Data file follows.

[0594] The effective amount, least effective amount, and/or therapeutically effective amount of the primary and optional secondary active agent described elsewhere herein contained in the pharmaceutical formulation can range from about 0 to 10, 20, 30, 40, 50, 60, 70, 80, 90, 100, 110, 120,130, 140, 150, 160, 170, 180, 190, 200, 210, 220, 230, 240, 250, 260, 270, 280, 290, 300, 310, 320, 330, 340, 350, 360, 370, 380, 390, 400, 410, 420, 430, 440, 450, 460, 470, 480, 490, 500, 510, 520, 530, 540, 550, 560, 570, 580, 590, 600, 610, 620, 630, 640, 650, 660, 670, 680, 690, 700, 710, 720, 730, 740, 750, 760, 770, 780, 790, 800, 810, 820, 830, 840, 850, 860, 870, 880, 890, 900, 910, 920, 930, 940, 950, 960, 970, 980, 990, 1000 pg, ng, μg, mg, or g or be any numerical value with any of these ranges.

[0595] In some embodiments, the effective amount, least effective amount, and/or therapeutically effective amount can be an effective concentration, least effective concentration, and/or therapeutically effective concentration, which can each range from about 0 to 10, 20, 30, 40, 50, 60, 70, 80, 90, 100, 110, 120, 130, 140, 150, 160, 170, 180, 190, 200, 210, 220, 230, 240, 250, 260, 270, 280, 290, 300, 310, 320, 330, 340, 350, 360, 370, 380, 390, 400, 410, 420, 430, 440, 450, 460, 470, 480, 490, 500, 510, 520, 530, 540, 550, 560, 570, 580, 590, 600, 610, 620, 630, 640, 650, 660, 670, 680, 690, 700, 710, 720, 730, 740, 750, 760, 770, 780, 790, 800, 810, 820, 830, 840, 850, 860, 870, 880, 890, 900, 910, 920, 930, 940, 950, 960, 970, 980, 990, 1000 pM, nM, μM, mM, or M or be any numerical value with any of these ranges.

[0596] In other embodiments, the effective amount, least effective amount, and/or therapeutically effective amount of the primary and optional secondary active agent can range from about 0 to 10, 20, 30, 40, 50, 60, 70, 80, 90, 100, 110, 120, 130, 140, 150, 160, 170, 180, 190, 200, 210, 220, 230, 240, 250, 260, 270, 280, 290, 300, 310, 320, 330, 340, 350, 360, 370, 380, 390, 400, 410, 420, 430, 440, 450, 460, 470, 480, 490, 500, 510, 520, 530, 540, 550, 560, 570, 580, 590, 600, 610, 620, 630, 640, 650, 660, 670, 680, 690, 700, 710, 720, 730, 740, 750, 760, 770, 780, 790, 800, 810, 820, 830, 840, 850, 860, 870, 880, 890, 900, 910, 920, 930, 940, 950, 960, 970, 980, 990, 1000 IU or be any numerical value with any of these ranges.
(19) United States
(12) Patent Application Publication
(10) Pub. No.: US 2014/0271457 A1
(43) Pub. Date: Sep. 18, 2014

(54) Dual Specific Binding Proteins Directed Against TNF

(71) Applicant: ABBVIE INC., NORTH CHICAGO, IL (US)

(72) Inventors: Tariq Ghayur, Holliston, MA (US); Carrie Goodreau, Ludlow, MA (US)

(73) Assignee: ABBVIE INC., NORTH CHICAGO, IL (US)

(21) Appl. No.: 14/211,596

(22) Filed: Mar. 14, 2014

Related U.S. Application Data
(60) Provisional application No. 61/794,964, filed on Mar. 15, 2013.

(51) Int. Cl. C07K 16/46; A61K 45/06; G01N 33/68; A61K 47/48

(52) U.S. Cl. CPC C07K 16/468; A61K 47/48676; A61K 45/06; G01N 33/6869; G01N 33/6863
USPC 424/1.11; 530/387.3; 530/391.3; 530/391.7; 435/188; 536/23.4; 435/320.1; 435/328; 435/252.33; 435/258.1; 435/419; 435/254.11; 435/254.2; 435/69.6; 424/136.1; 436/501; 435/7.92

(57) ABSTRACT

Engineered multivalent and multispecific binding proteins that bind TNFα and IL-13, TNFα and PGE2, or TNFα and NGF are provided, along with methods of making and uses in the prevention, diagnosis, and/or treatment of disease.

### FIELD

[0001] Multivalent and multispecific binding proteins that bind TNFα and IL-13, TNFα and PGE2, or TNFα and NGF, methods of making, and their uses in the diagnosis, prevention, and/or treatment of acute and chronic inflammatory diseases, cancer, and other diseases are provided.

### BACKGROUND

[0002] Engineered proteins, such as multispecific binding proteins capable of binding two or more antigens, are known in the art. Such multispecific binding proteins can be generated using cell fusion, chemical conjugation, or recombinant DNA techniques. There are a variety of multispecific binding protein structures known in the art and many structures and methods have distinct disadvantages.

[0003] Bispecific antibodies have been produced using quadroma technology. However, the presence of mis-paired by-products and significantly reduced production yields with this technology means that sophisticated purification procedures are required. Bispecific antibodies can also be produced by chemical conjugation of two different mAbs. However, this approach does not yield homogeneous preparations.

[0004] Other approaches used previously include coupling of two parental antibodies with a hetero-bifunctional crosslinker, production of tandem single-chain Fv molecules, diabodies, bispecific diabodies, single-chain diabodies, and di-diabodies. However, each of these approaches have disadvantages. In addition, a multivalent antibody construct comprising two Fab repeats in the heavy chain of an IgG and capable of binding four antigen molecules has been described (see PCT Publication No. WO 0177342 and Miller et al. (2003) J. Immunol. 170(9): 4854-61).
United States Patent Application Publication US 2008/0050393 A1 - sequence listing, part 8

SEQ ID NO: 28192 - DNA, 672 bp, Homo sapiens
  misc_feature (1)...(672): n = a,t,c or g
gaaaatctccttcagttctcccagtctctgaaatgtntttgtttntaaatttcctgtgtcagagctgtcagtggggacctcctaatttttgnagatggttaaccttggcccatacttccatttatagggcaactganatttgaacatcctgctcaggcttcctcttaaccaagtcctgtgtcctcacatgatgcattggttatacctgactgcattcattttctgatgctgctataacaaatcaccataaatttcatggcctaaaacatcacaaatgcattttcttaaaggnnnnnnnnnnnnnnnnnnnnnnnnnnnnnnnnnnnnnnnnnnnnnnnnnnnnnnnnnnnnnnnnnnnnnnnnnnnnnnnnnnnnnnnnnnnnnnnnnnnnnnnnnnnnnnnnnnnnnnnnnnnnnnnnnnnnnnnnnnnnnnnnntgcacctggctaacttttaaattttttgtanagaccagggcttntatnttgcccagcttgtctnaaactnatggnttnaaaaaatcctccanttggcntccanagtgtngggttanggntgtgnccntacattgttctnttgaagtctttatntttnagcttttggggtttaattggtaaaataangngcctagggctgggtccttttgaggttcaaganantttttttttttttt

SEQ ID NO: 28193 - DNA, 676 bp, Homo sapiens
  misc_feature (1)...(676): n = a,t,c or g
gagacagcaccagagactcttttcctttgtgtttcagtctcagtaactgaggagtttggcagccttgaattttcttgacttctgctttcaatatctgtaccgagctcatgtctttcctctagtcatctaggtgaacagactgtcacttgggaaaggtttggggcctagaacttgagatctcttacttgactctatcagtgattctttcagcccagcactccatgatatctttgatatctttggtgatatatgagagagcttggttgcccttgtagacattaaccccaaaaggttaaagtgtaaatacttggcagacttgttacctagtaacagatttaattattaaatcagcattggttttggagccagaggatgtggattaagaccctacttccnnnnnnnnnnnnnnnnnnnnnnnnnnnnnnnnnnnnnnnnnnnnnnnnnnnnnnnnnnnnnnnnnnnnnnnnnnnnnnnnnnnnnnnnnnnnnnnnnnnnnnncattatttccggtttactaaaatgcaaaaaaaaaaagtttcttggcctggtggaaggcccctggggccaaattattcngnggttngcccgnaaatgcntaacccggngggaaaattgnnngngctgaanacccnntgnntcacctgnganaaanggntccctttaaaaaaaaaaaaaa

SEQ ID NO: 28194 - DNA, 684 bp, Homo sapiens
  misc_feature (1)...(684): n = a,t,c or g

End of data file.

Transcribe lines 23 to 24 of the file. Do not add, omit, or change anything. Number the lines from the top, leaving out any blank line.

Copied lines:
### BACKGROUND

[0002] Engineered proteins, such as multispecific binding proteins capable of binding two or more antigens, are known in the art. Such multispecific binding proteins can be generated using cell fusion, chemical conjugation, or recombinant DNA techniques. There are a variety of multispecific binding protein structures known in the art and many structures and methods have distinct disadvantages.